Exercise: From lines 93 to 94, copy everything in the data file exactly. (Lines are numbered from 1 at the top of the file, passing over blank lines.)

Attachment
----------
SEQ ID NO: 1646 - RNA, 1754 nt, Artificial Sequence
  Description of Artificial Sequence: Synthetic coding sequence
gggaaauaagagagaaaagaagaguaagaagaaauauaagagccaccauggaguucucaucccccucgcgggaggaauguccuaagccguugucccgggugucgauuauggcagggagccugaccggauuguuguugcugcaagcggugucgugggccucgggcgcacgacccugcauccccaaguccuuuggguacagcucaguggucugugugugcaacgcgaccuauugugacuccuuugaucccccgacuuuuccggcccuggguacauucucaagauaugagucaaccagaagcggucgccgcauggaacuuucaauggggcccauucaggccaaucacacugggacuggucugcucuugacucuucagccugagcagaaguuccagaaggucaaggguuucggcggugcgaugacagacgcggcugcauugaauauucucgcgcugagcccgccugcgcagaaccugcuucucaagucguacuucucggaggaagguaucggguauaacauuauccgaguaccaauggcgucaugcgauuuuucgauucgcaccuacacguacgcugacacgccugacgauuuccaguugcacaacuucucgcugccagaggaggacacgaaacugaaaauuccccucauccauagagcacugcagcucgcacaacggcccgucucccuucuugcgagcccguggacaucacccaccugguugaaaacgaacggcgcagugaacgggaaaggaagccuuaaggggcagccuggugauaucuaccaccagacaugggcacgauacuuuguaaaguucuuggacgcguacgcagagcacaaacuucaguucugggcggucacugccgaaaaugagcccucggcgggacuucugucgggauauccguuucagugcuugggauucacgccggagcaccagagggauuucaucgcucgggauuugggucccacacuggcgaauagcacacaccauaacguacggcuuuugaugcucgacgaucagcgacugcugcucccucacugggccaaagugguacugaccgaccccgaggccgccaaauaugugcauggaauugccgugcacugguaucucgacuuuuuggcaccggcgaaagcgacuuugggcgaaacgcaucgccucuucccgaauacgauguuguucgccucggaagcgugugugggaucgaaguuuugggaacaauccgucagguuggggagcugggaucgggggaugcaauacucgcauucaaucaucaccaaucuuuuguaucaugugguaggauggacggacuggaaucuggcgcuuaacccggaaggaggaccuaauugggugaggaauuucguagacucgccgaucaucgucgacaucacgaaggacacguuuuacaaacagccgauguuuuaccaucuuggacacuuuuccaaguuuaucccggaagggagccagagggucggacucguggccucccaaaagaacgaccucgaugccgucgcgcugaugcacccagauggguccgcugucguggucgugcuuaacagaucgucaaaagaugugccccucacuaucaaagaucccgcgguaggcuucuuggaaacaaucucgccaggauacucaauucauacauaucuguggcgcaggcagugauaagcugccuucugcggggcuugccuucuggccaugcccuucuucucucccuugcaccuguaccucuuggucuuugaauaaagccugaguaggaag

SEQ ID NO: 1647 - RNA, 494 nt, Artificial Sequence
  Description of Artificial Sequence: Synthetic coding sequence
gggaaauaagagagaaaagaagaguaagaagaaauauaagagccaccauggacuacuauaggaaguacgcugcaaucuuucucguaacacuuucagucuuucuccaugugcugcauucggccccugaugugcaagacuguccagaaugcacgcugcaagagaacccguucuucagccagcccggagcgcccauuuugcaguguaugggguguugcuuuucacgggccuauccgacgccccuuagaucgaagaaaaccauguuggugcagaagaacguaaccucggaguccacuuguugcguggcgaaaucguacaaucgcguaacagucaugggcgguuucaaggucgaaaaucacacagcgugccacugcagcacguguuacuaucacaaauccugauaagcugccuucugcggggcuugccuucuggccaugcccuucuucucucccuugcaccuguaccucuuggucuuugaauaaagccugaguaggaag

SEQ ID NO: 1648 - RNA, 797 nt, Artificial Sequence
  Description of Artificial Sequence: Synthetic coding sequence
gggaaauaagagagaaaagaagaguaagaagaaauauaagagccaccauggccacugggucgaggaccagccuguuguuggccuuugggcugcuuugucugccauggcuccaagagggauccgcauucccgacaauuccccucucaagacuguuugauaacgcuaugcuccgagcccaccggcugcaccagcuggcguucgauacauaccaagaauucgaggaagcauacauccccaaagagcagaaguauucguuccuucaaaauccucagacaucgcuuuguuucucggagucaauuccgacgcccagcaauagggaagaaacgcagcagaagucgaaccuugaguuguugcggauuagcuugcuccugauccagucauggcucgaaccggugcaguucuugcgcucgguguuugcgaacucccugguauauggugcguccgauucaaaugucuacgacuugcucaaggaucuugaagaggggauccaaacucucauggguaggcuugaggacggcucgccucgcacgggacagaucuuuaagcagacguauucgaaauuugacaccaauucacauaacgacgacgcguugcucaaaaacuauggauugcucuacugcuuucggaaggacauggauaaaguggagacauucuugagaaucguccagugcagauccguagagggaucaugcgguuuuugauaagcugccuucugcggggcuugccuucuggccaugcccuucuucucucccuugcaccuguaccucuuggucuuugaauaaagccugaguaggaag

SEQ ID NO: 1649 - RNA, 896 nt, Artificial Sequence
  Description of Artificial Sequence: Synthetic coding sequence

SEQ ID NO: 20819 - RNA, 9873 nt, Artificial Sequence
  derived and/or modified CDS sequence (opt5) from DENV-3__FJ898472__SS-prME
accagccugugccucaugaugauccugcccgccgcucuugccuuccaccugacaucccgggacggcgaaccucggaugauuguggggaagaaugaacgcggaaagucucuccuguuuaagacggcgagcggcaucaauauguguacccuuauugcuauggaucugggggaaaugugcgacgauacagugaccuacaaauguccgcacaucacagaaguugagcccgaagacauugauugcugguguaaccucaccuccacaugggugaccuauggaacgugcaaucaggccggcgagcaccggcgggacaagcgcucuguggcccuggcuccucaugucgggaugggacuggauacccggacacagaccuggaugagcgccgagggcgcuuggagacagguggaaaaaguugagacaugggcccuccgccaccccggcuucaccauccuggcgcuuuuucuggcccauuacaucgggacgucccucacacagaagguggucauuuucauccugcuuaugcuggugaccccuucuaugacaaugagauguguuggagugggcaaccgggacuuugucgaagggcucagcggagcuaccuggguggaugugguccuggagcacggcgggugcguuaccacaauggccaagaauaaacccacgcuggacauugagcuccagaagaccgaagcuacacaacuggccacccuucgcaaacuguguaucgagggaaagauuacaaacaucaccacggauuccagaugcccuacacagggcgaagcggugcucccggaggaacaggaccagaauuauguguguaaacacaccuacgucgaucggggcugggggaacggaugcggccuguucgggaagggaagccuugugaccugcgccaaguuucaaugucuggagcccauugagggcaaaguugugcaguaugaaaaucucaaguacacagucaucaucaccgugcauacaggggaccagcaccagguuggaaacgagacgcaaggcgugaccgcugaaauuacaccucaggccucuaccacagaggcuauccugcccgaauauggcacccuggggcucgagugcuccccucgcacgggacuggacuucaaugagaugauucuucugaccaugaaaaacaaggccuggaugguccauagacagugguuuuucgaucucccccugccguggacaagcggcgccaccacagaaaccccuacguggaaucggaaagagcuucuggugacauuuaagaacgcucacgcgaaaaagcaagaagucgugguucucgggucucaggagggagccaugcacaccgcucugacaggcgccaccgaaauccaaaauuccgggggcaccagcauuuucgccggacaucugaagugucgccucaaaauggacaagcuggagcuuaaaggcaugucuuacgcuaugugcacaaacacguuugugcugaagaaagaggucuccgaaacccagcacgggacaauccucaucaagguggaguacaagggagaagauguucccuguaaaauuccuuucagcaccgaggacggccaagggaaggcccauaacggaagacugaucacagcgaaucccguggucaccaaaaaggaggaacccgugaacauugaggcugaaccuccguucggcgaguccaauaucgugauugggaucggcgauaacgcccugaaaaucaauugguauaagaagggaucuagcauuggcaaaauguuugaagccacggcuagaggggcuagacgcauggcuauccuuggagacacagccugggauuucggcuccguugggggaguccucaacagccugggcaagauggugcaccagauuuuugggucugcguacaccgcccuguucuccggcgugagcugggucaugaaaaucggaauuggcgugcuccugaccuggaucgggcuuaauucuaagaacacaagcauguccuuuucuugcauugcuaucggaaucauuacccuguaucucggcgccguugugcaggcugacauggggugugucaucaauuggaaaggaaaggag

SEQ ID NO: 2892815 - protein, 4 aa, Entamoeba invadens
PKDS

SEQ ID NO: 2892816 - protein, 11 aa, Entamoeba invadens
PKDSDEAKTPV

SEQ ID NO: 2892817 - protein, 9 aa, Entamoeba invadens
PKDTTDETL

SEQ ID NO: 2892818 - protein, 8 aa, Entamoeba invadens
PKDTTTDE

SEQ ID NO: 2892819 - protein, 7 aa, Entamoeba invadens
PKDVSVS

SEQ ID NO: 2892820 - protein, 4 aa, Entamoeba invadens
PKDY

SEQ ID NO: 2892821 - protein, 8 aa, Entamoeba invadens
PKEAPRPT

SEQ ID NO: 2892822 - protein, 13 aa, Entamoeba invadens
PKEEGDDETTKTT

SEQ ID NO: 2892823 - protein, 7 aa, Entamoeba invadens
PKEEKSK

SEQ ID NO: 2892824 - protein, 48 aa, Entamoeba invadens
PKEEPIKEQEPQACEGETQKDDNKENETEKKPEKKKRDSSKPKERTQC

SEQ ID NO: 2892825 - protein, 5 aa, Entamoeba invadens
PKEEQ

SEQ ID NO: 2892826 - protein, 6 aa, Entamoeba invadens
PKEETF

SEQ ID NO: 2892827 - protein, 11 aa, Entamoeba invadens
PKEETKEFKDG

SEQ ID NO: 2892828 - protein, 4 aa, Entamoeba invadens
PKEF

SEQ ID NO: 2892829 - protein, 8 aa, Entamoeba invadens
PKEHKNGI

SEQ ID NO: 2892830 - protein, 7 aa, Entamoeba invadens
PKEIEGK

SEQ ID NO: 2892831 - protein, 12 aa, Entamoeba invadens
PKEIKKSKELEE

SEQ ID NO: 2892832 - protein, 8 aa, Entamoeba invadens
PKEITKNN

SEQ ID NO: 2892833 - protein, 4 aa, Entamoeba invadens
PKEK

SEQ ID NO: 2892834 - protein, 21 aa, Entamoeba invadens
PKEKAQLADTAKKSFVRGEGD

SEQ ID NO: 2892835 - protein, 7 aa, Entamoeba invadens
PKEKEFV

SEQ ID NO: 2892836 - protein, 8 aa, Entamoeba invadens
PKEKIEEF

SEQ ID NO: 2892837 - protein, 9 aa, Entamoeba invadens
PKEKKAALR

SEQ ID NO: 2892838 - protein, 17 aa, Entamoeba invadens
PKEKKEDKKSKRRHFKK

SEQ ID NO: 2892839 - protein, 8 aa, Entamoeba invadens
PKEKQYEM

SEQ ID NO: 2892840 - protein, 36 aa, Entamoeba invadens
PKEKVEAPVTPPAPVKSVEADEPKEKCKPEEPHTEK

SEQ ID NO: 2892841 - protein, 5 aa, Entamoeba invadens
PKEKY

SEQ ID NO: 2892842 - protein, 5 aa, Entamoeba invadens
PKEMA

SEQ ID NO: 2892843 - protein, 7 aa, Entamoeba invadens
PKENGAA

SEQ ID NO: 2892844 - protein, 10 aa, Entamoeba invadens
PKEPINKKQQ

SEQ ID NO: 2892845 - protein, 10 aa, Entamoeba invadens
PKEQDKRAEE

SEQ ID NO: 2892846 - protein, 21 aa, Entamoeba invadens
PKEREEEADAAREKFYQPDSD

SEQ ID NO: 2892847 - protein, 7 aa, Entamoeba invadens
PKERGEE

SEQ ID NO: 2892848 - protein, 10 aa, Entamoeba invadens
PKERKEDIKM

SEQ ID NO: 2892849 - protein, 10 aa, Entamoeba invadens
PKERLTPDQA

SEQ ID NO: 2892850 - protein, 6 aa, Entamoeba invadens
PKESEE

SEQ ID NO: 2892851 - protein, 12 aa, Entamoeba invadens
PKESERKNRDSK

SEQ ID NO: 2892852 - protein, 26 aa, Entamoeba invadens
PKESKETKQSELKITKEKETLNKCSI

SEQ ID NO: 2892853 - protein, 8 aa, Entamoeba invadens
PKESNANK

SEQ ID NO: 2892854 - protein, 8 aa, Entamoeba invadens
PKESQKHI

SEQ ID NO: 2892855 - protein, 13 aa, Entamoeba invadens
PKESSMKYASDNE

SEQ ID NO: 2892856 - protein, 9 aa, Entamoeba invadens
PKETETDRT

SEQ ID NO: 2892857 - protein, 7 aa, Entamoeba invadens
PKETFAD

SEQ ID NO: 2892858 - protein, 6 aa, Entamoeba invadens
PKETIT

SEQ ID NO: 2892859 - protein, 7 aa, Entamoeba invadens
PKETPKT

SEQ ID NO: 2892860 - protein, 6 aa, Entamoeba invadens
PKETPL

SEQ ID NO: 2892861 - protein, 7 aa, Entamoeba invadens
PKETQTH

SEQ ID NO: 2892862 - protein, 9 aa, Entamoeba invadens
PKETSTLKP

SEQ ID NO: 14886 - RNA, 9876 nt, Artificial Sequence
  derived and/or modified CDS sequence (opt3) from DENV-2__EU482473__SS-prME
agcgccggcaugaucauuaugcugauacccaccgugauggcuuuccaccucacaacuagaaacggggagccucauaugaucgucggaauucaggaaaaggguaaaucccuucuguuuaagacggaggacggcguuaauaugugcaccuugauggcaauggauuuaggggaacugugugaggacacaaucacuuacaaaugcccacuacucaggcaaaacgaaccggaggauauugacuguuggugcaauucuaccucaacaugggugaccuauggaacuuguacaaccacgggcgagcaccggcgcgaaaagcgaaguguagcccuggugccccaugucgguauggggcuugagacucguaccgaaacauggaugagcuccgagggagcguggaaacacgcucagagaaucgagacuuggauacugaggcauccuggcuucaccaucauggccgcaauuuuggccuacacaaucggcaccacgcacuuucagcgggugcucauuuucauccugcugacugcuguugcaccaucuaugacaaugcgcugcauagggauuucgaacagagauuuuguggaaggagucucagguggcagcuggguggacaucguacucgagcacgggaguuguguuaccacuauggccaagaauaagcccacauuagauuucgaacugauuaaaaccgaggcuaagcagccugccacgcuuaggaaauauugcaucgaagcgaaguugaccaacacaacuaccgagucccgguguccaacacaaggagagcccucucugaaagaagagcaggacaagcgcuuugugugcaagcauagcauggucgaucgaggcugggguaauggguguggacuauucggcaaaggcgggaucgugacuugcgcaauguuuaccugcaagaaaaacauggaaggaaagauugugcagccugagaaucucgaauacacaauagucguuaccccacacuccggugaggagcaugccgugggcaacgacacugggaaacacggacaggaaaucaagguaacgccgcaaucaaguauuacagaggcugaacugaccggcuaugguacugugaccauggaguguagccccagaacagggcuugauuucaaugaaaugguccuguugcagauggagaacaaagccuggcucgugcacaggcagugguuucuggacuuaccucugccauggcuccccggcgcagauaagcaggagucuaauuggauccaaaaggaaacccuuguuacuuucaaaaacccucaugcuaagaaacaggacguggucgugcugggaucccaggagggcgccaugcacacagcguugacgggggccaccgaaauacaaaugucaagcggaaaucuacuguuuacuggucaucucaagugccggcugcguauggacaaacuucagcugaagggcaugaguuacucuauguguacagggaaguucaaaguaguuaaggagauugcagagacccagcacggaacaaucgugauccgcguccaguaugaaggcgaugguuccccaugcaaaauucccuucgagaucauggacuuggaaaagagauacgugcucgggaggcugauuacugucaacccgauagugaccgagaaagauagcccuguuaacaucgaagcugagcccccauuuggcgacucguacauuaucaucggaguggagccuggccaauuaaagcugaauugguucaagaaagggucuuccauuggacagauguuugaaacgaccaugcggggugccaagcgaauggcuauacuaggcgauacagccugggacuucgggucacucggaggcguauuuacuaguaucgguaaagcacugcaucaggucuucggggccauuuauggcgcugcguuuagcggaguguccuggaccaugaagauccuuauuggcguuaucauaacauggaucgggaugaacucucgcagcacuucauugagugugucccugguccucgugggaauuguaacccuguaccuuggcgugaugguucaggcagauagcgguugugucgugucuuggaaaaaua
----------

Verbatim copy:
SEQ ID NO: 2892854 - protein, 8 aa, Entamoeba invadens
PKESQKHI